"At the Break of Day" began the evening, with Ken MacFarlane (who pretty much stole it) and Roland DeLeon playing inmates in a French prison. DeLeon's character is due to be executed. His cellmate points out "Madame Guillotine" waiting for her new lover in the courtyard just visible from their meager window. It becomes a game of cruelty between them, the one relentlessly stirring up the other's imagination until at last one or more of them breaks.

"Natasha" Colin Mitchell as an early 20th century English psychiatrist worms his way into Judge Dale Sandlin's chambers for a chance to use hypnosis on a young woman who may have been witness to a terrible murder.  Jonica Patella is the young woman, giving the kind of superb performance I've come to expect. All throughout this I expected some kind of horrible twist. Not only was I far from disappointed, I was genuinely surprised. The dynamics of interactions between these three strangers in particular worked well in establishing a reality, which made the final revelations all the more horribly real.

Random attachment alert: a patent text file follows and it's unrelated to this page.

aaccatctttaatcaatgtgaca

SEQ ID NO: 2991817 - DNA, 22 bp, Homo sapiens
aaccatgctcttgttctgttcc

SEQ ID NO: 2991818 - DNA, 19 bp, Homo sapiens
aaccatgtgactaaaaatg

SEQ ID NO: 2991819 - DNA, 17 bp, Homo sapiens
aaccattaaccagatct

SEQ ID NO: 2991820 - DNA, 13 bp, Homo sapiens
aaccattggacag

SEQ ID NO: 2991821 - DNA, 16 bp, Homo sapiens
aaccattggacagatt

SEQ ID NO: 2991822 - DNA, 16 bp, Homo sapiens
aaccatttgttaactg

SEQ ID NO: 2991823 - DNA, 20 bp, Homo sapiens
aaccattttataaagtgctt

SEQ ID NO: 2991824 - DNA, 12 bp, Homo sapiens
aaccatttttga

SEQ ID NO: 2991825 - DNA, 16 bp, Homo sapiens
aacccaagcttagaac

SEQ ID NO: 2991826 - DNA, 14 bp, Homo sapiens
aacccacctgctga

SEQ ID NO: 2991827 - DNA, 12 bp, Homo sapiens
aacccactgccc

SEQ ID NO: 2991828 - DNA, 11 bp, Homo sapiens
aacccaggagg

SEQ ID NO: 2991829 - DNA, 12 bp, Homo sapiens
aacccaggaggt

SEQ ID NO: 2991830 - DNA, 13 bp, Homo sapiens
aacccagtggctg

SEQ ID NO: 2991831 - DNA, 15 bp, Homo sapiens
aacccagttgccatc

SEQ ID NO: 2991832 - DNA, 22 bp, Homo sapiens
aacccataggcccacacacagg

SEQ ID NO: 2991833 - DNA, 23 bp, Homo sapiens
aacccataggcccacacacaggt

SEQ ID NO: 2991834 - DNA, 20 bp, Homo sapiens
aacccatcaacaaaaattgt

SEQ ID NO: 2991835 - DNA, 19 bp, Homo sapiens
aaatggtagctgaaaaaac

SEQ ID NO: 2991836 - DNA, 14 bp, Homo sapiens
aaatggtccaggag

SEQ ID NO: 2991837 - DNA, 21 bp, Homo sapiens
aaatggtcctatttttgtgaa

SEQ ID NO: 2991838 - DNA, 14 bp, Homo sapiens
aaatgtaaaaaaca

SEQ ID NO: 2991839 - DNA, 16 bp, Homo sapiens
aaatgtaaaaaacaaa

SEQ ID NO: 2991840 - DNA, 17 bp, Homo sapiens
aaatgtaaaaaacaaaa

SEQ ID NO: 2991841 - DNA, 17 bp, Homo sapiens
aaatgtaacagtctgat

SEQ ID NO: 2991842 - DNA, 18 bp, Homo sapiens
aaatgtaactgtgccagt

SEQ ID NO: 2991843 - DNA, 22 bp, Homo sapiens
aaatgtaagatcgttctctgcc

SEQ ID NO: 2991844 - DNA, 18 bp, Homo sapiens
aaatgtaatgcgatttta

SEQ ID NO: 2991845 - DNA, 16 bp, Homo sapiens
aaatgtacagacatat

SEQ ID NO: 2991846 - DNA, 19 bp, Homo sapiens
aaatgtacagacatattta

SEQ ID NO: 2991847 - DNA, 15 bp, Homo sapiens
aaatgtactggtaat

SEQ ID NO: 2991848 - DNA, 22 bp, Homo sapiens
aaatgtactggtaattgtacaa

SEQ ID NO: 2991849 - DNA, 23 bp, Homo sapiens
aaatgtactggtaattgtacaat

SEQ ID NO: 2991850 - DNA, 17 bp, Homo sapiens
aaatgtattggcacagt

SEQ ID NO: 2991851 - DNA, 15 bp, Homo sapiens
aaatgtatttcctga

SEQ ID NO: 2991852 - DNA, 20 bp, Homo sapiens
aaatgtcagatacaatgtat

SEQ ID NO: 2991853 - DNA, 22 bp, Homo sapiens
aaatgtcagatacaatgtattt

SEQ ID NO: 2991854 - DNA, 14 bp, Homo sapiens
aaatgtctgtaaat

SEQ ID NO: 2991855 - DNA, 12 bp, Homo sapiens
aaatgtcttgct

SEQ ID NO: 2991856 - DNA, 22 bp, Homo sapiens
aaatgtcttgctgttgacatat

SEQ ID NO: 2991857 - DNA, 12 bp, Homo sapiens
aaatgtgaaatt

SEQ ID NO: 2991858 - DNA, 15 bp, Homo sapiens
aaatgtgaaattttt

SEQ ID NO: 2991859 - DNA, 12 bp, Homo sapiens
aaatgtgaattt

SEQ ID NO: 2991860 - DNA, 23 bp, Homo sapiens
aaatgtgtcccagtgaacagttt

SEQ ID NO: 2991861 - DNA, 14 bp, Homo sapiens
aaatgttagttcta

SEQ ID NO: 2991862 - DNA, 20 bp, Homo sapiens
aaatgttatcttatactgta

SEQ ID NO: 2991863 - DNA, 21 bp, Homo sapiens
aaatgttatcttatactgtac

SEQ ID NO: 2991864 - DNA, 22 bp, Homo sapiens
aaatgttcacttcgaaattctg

"Orgy in the LighthouseVincent Cusimano (recently Iago in Othello) is a lighthouse keeper in New England, visited by his friend Alex Walters  (director of the recent Don Juan) one night, insisting on giving his friend a good time. In this case the 'good time' involves a pair of prostitutes played by Shayne Eastin and Jessica Madelaine. Once again, I was surprised again and again, by character no less than plot, and ultimately the horror of this little tale emerged from character rather than events (violent and grostesque as those events proved to be).